She says, “Bihar is ranked the lowest in India’s SDG Index 2019 for India. Hygienic and comfortable menstruation is a basic human right and sustainable development cannot be ensured if menstruators are deprived of their basic rights.” Project अल्हड़ (Alharh) aims to create a robust sensitised community in Bhagalpur to collectively spread awareness, break the taboo, debunk myths and initiate fearless conversations around menstruation. The campaign aims to reach at least 6000 adolescent girls from government and private schools in Baghalpur district in 2020.

Read more about the campaign here.

A psychologist and co-founder of a mental health NGO called Customize Cognition, Ritika forayed into the space of menstrual health and hygiene, sexual and reproductive healthcare and rights and gender equality as an MHM Fellow with YKA. She says, “The experience of working on MHM/SRHR and gender equality has been an enriching and eye-opening experience. I have learned what’s beneath the surface of the issue, be it awareness, lack of resources or disregard for trans men, who also menstruate.”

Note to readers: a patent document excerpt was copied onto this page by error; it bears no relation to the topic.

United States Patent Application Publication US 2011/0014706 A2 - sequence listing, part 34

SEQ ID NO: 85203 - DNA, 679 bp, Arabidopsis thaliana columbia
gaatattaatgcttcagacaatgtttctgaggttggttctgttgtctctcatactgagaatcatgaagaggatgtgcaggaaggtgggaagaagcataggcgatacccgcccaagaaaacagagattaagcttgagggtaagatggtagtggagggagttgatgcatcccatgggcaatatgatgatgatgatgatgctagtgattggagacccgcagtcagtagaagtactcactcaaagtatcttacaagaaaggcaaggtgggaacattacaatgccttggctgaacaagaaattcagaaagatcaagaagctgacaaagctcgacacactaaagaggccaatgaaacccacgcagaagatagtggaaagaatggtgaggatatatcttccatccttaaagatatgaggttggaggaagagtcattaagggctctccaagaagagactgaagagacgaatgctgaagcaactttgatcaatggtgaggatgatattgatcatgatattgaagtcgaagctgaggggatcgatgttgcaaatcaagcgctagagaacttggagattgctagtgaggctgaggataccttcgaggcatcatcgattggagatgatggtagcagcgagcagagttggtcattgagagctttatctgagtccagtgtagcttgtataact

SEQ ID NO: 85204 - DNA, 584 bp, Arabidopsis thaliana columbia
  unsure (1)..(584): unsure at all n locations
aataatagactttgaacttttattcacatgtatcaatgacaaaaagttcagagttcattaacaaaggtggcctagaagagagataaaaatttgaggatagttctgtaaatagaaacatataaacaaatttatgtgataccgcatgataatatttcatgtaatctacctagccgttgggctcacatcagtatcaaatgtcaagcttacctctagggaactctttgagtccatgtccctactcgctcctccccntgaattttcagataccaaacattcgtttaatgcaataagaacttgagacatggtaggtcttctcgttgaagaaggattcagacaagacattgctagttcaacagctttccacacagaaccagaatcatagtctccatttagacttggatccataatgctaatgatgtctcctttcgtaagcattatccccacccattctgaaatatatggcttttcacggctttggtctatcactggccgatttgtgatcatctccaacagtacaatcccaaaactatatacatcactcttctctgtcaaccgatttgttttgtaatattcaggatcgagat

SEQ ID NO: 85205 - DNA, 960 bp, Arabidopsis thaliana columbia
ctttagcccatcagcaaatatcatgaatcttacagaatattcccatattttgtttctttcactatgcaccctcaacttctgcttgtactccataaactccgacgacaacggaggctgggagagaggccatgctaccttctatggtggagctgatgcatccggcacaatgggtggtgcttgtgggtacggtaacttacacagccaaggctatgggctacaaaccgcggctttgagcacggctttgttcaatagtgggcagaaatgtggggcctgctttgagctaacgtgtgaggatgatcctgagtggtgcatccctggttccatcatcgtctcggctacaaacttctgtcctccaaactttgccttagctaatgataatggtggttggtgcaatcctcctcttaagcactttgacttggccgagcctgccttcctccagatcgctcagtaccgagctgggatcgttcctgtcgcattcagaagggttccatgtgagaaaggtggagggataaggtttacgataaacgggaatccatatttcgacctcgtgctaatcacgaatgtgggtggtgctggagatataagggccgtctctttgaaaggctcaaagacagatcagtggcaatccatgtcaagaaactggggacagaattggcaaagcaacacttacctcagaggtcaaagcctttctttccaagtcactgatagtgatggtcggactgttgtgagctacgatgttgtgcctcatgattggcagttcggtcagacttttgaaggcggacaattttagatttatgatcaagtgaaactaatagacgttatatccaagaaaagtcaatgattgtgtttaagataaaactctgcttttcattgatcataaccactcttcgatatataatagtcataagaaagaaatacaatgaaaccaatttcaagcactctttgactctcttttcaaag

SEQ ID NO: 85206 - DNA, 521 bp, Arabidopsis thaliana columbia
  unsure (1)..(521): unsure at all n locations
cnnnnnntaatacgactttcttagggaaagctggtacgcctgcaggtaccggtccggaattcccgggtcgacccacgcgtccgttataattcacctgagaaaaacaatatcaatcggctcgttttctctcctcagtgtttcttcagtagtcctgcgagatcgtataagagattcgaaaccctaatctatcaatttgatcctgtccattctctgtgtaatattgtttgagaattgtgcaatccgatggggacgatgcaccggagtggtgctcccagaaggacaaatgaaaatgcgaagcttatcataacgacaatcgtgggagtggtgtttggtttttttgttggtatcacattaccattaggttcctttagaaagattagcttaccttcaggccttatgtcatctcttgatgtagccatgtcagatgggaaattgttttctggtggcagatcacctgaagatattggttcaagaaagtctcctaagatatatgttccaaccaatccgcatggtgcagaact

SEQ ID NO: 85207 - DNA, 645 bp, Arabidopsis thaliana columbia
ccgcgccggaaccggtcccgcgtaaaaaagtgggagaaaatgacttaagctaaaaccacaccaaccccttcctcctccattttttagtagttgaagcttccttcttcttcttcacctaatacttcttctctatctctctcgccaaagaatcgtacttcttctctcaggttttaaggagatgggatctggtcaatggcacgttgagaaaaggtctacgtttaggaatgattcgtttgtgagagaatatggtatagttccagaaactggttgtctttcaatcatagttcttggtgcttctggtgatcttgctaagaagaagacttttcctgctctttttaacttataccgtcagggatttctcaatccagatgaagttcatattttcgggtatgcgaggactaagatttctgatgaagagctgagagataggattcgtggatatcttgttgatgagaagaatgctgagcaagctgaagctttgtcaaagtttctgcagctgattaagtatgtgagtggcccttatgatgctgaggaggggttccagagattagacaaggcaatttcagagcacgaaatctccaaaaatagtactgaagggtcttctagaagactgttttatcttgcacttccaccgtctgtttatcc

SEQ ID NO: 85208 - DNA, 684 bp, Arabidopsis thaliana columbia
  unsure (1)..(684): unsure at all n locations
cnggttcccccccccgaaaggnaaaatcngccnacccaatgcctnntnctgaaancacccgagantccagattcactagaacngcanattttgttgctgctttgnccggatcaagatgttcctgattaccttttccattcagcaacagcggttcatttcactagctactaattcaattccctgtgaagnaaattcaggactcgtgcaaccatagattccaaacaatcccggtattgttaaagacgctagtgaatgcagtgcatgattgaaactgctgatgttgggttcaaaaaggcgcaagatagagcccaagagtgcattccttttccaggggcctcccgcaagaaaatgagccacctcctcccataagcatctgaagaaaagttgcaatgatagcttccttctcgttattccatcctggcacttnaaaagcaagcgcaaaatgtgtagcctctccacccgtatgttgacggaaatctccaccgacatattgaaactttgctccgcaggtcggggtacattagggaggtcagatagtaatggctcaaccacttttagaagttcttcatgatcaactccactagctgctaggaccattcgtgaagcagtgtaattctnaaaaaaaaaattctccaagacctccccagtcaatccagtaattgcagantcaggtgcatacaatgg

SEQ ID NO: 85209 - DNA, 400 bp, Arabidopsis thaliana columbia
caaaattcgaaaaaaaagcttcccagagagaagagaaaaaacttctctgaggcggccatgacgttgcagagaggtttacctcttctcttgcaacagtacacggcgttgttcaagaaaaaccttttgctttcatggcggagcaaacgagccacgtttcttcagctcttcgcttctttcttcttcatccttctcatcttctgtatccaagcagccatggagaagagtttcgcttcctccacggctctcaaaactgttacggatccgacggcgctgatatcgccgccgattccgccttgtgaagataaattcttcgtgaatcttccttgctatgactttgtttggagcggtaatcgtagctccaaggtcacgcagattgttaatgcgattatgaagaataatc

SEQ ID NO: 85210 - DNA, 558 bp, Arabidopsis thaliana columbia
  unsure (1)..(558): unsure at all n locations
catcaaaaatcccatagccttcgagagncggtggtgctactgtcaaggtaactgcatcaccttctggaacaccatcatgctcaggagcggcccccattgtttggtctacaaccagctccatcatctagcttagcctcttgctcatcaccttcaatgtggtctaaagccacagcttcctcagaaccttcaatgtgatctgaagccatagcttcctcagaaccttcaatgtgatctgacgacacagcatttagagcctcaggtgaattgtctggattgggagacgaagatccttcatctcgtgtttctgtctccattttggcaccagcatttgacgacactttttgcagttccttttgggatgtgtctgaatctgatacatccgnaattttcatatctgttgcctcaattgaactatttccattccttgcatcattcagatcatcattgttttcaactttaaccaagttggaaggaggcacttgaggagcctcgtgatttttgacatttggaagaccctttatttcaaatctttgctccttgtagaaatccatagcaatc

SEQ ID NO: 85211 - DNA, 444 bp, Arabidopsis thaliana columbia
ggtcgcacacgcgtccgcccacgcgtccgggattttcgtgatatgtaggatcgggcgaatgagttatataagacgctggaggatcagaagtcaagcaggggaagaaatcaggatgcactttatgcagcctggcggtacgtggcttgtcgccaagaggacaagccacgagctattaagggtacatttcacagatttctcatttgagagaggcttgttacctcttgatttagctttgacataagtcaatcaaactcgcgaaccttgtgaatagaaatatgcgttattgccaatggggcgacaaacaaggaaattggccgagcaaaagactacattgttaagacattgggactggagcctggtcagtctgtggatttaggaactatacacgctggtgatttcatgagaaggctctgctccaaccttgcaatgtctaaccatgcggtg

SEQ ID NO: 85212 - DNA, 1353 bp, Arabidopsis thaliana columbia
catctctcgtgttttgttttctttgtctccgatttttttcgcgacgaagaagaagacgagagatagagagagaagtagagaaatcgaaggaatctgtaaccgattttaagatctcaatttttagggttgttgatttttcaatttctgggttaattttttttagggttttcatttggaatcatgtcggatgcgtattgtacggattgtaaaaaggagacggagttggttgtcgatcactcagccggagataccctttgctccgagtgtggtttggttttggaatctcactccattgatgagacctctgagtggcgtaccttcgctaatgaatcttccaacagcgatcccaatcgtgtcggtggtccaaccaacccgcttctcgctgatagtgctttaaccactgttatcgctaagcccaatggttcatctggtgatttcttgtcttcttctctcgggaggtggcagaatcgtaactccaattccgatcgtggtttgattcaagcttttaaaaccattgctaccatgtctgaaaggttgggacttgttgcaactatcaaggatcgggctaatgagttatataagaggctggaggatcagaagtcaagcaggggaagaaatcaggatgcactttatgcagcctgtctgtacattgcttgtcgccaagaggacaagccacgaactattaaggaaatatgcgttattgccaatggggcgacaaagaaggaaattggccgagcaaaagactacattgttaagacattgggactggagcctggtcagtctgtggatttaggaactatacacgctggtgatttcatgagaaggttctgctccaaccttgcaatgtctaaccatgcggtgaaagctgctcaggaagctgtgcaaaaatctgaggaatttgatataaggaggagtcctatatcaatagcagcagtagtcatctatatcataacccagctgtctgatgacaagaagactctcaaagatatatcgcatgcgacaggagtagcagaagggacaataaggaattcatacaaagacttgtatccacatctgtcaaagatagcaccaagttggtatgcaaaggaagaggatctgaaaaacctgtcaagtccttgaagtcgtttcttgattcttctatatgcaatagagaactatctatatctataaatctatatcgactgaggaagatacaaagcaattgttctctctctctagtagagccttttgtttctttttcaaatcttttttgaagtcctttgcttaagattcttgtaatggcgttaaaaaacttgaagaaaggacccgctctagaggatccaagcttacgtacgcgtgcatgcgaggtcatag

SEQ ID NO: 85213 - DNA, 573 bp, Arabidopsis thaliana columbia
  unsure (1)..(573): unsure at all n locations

The Transmen-ses campaign aims to tackle the issue of silence and disregard for trans men’s menstruation needs, by mobilising gender sensitive health professionals and gender neutral restrooms in Lucknow.

Read more about the campaign here.

A Computer Science engineer by education, Nitisha started her career in the corporate sector, before realising she wanted to work in the development and social justice space. Since then, she has worked with Teach For India and Care India and is from the founding batch of Indian School of Development Management (ISDM), a one of its kind organisation creating leaders for the development sector through its experiential learning post graduate program.

As a Youth Ki Awaaz Menstrual Health Fellow, Nitisha has started Let’s Talk Period, a campaign to mobilise young people to switch to sustainable period products. She says, “80 lakh women in Delhi use non-biodegradable sanitary products, generate 3000 tonnes of menstrual waste, that takes 500-800 years to decompose; which in turn contributes to the health issues of all menstruators, increased burden of waste management on the city and harmful living environment for all citizens.

Let’s Talk Period aims to change this by

Find out more about her campaign here.